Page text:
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Updated: 49 min 32 sec ago

Consensus coming on road rules?

3 hours 49 min ago

National road rules, including lane filtering, are being discussed now and are likely to be put out for public discussion in July with consensus expected by November.

The disparity of road rules between states is exemplified in the recent introduction of lane filtering.

It is now permitted in Queensland, NSW, Victoria, South Australia and still on trial in the ACT, but expected to be implemented soon.

However, the rules vary slightly from state to state. For example, Queensland is the only state to allow edge filtering and use of bicycle storage boxes.

So which road rules do we want and which ones do we want changed?

Lack of consensus in riding groups

Unfortunately, there doesn’t even seem to be much consensus between rider groups.

For example, some groups in other states would like edge filtering, but there are even riders in Queensland who believe it should be banned.

South Australian group, called Ride to Review (RTR), seems to be the only rider representative group to publish how they would like the lane filtering rules to apply.
Australian Motorcycle Council representative Guy Stanford has been invited by the National Transport Commission to address the Australian Road Rules Maintenance Advisory Group which is attempting to make road rules uniform across all states.

Guy and his V-Strom

So what set of road rules would the AMC like to see?

“The problem is that rider groups with a good relationship with government are often unable to disclose documents or meeting discussions until agreements are reached,” Guy says.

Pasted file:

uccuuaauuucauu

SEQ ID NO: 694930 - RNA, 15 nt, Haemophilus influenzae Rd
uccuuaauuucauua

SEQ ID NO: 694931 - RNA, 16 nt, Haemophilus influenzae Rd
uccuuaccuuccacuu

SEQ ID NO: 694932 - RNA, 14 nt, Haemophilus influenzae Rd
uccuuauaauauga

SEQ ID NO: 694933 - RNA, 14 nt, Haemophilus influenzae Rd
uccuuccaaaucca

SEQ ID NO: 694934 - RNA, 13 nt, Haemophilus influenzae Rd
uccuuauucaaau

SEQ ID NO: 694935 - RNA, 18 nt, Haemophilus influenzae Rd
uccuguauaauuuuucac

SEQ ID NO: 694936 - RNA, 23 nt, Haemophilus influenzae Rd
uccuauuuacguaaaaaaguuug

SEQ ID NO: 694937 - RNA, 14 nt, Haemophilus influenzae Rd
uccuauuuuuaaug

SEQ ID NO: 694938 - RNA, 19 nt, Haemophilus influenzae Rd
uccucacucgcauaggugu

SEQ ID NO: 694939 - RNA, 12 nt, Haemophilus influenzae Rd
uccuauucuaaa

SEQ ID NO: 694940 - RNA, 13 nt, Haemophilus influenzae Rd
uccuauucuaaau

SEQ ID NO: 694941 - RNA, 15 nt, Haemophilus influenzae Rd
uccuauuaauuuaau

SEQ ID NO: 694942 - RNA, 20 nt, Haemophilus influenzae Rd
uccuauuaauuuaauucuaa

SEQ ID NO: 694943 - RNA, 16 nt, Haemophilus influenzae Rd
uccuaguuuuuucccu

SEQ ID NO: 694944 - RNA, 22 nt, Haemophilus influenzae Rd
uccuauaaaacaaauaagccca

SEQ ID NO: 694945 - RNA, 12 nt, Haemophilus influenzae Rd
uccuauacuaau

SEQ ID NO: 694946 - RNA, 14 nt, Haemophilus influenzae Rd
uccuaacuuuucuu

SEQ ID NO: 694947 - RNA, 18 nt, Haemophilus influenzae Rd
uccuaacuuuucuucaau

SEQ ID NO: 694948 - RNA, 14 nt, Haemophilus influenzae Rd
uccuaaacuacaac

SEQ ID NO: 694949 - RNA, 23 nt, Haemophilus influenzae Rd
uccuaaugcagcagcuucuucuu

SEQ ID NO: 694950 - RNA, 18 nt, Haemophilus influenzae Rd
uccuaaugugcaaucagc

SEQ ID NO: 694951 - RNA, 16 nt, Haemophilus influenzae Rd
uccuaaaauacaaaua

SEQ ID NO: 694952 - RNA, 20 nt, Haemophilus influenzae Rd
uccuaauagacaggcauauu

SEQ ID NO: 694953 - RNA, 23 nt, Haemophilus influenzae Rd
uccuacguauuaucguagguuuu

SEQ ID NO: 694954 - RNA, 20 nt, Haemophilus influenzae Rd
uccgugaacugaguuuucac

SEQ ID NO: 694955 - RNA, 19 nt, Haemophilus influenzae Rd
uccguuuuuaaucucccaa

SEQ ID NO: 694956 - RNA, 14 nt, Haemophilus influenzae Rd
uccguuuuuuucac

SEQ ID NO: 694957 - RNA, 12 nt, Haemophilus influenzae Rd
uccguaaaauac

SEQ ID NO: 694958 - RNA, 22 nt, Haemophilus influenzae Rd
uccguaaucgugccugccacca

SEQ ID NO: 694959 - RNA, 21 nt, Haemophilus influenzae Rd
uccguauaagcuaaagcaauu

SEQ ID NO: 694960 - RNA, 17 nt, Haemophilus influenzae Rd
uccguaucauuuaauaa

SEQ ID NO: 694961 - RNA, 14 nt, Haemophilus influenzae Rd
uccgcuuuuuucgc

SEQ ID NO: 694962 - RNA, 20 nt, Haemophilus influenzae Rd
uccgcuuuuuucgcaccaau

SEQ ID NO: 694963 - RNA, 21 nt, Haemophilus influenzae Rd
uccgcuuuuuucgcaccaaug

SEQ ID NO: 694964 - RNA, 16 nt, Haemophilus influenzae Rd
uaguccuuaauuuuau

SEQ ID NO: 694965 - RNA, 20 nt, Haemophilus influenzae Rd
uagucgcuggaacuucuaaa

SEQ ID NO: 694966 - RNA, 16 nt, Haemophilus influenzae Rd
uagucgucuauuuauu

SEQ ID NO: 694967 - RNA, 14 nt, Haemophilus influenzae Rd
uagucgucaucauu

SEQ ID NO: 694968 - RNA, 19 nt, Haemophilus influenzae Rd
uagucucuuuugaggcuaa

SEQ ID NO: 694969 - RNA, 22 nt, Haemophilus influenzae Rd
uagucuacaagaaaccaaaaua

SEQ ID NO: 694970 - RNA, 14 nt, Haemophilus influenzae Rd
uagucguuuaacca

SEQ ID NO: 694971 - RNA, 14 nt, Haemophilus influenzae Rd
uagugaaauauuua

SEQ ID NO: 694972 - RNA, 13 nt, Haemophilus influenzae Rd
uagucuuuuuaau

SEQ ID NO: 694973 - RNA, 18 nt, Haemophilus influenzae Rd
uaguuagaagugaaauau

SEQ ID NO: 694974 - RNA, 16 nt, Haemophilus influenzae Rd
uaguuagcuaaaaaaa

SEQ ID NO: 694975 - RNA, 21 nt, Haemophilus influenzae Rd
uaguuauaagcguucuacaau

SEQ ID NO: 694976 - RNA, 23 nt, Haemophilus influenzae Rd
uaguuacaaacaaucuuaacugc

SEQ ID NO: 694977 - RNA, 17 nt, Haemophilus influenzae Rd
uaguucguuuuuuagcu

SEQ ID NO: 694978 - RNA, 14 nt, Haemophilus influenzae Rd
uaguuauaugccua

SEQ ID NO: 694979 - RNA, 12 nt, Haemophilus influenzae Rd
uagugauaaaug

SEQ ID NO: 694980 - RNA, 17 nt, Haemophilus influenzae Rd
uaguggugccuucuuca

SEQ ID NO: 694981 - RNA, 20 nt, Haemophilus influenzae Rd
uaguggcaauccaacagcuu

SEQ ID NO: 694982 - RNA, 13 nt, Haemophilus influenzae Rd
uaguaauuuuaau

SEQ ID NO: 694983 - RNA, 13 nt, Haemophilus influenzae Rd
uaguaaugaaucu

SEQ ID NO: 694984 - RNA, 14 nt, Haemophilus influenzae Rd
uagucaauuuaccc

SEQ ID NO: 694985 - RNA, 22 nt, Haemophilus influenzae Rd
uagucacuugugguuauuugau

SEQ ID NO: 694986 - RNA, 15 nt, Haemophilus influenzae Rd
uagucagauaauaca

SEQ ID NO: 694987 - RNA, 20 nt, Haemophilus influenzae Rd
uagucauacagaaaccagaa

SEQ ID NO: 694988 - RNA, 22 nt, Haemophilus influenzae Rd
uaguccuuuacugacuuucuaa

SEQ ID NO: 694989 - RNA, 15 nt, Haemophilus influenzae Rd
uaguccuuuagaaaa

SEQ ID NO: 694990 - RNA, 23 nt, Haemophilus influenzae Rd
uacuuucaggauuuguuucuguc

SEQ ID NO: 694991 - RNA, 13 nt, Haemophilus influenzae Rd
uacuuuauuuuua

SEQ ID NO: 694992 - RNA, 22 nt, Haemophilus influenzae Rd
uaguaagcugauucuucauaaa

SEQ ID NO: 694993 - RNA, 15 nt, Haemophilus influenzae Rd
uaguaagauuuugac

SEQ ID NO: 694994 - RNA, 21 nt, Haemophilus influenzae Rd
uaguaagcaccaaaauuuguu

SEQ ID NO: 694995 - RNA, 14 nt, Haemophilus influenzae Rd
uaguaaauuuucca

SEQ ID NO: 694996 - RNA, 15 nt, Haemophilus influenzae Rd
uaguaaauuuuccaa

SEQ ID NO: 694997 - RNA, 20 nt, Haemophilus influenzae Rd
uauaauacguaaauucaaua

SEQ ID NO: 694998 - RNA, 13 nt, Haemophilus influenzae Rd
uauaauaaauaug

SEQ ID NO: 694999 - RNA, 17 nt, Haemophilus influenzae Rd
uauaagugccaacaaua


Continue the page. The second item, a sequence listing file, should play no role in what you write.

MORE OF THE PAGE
“It can work against riders if the negotiation position is telegraphed in advance.

“Wildcard publication of wants can make things difficult, as that can waste time and distort negotiation.”

Guy says how each state drafts their lane filtering (and other roads rules) can often be more about local politics than achieving for sensible outcomes.

“A wildcard submission in one state can be good or bad, but usually only a problem in their locality with little effect elsewhere,” he says.

“Hubris can be the big hurdle.”

Check out the various lane filtering laws in each state

These are the various State Government web safety pages:

How should particular road rules be standardised in Australia? Tell us which lane filtering laws you like/dislike!

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How to find the perfect motorbike jacket (for actual riders)

12 hours 4 min ago

When most people think of a motorbike jacket, they usually automatically think about a generic black leather jacket.

The truth is that many of the motorbike jackets being sold offer very little when it comes to actual riding.

Actual motorbike jackets come with a variety of different features and aren’t focused mainly on design per se.

If you are thinking of getting a motorbike jacket for riding purposes, we’ve lined up three essential criteria:

Choose the right fit

If there’s one thing that should be essential when picking a good motorbike jacket, it’s comfort.

Some people might think that choosing the fit for a jacket isn’t important or that it’s an easy decision between large, medium or small. But that couldn’t be further from the truth.

If you’re a regular biker, you’re going to wear this jacket a lot and if it makes you uncomfortable, it might eventually affect your riding ability.

First of all, don’t make the mistake of choosing a jacket that is too loose. A motorbike jacket should ideally fit very snugly, without being too tight. This is because most motorbike jackets have extra padding on the inside and need to be close to the body to work optimally. This is especially important when it comes to protecting your elbows, back and shoulders.

You should also make sure that the jacket fits properly in the riding position, not only when standing up. A jacket might feel good when you’re standing, but might be too loose or tight when riding. Try to mimic your riding position when trying the jacket to make sure that it’s just the right fit.

Get enough padding